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News

Consumer diagnostics is on verge of explosive growth

Cambridge Consultants : 16 July, 2007  (New Product)
The market for over-the-counter (OTC) diagnostics tests is poised for exceptional growth according to a report that canvassed a panel experts from across the diagnostics industry.
The market for over-the-counter (OTC) diagnostics tests is poised for exceptional growth according to a report that canvassed a panel experts from across the diagnostics industry.

However, the diagnostics industry's ability to seize this opportunity hinges upon greater collaboration with consumer and pharmaceutical companies, concludes a report released today.

The drivers for such growth, beyond the current market for glucose and pregnancy tests, come from the healthcare providers who want to reduce the burden of care and identify conditions much sooner; and the consumers who want to play a more active role in managing their health.

Between 2005 and 2010 this new OTC market is predicted to grow by at least five percent CAGR to $690 million. Beyond 2010 the market will expand more into the consumer sector, and could rival that for glucose testing, which currently stands at around $6 billion.

At the moment the worldwide consumer diagnostics sector is predominantly focused on glucose and pregnancy testing. However, the delegates discussed that with the prevalence of conditions such as cardiovascular disease, high cholesterol and obesity there is a major commercial opportunity and patient benefit for in-home testing and monitoring.

In the near future these conditions will be the leading causes of death and disability. By making positive changes to their lifestyles, as the result of early identification and subsequent monitoring, patients can eliminate or better manage these conditions.

There is a clear opportunity within Europe, especially nations with centralised healthcare providers, such as those in the UK and Italy provide the most fertile ground, delegates said.

As they face an increasing burden of care, such providers have extra incentives to make use of other outlets for patient testing, including pharmacies and even supermarkets. This new approach will empower consumers as well as increasing the chances of the early identification of serious conditions.

Even with such strong drivers and clear market opportunities, the diagnostics industry is not capable of this step-change on its own, delegates asserted. This is where collaboration comes in.

Through partnerships with the pharmaceutical industry, the diagnostics companies will work with people used to funding outcome studies; and through working with consumer companies the diagnostics industry gets access to consumer design expertise, as well as channels to market.

Evidence suggests such change is already happening albeit to a limited extent - for example, with Inverness Medical and Procter & Gamble setting up a joint consumer diagnostics joint venture in July 2006 to explore the opportunities for co-development and joint marketing.

Dr Simon Burnell, author of the report and head of Cambridge Consultants' diagnostics group, said: 'In both the US and worldwide, the diagnostics industry hasn't really changed in a number of years. We see incremental innovations and new products, but these are typically aimed at the same target customers - the healthcare providers. If they continue as they are, the diagnostics industry, or at least the slow movers, run the risk of missing a massive opportunity for profit and growth.'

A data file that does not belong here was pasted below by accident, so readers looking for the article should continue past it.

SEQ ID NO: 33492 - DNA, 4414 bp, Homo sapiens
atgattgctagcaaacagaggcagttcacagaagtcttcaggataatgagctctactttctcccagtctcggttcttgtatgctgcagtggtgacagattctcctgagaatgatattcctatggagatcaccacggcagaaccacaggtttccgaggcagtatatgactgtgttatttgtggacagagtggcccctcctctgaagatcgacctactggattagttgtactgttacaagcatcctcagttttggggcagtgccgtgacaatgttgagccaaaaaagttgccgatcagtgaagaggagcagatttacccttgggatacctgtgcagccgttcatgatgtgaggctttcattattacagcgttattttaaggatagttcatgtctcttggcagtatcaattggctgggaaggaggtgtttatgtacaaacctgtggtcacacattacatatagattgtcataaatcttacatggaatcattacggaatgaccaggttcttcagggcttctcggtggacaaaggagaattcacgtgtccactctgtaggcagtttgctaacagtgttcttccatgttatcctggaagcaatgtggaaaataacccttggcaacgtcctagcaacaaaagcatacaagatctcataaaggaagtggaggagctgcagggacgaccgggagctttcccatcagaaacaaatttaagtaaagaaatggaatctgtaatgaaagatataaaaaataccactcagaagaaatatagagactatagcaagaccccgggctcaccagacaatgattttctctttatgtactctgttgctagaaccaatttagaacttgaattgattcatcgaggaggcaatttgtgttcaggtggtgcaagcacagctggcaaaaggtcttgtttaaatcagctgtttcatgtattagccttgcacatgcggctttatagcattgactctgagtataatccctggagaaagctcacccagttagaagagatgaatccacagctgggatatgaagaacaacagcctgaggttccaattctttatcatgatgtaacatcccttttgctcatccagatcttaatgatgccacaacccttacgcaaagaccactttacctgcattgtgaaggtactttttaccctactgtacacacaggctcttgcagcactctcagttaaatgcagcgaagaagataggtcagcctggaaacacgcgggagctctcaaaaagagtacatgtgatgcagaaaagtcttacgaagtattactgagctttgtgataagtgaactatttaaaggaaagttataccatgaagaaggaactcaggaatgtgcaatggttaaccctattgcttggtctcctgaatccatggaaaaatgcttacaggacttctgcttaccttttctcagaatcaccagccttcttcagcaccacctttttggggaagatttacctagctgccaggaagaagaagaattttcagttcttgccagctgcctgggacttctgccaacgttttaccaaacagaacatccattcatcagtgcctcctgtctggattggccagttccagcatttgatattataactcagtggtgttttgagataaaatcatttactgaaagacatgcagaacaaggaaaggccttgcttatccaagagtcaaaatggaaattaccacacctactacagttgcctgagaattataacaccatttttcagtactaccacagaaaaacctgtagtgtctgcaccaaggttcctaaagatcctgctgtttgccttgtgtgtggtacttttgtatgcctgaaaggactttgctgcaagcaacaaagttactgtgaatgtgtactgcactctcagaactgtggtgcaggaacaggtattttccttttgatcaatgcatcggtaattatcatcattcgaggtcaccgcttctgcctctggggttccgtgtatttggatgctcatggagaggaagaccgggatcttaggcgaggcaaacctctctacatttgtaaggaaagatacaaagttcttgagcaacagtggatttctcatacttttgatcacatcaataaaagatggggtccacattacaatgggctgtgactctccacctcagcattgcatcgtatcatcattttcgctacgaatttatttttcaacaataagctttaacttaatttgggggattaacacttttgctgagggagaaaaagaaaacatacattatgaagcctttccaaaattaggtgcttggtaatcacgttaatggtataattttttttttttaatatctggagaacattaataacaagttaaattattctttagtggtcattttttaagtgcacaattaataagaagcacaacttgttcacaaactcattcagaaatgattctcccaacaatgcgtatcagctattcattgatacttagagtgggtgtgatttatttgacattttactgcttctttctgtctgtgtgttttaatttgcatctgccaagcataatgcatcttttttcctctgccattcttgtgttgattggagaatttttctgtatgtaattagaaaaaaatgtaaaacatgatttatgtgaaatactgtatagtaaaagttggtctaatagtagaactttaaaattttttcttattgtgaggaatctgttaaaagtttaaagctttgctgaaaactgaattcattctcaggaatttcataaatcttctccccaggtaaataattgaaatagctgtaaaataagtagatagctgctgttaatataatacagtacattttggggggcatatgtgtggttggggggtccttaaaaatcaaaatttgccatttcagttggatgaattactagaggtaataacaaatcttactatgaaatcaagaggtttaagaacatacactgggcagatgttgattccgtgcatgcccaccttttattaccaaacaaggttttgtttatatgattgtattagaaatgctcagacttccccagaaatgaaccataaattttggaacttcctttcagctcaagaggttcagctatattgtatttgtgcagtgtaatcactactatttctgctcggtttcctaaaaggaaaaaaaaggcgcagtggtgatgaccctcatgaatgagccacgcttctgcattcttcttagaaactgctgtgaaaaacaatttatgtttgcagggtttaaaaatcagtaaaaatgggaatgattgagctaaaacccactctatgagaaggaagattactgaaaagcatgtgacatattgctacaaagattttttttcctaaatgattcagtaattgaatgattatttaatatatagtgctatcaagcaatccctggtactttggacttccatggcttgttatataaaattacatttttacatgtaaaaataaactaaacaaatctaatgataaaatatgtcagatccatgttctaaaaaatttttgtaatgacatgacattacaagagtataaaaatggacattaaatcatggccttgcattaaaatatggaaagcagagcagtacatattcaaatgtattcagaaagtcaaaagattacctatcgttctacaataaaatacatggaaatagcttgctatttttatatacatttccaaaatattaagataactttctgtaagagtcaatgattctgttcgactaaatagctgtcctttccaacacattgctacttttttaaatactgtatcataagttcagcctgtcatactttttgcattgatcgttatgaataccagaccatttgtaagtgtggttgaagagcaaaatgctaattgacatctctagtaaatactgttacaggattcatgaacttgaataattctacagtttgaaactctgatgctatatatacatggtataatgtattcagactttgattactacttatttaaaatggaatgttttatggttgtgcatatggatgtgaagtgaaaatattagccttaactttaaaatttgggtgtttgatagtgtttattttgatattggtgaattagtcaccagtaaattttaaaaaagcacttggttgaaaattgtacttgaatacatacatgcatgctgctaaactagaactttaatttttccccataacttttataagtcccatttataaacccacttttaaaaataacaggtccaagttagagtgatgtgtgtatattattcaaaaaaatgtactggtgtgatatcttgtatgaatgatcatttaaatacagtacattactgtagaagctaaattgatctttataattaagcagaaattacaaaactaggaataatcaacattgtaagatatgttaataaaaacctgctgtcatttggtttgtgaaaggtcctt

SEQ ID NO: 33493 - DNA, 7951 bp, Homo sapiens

'Diagnostics companies everywhere should be feeling anxious. Reaching this new market involves significant change and investment, which some companies do not have the resources to exploit. This is why the attendees at the recent workshop identified collaboration as the way forward. Successful collaborations between key players from the pharmaceutical, diagnostics and consumer sectors will create a powerful and convincing offering for consumers,' continued Dr Burnell.

The group discussed the core diagnostic technology needed and as a whole felt that it already existed to make this new sector a reality.

However, the group identified that new approaches to product design would be needed as the products migrated from OTC to more of a consumer product and that, as patient compliance is poor for certain conditions, some consumer-friendly diagnostics would need to be integrated with other products, such as a toothbrush to detect tooth decay or gum disease, a computer mouse that monitors hydration or a mobile phone that can monitor your temperature; all of which eliminate the need for testing.

In essence, new products need to be simple, reliable and produce an actionable result.

The free report follows a workshop hosted by Cambridge Consultants in late June 2007, where senior thought-leaders from across Europe discussed the future of diagnostics as a consumer-driven market.

The attendees discussed the current market, the opportunities available and how technology would enable firms to profit. The report provides a valuable insight for global diagnostics companies who see Europe as a key market.

In autumn 2007 the workshop and report are to be repeated, this time with a wholly North American audience - providing a contrasting and global perspective.


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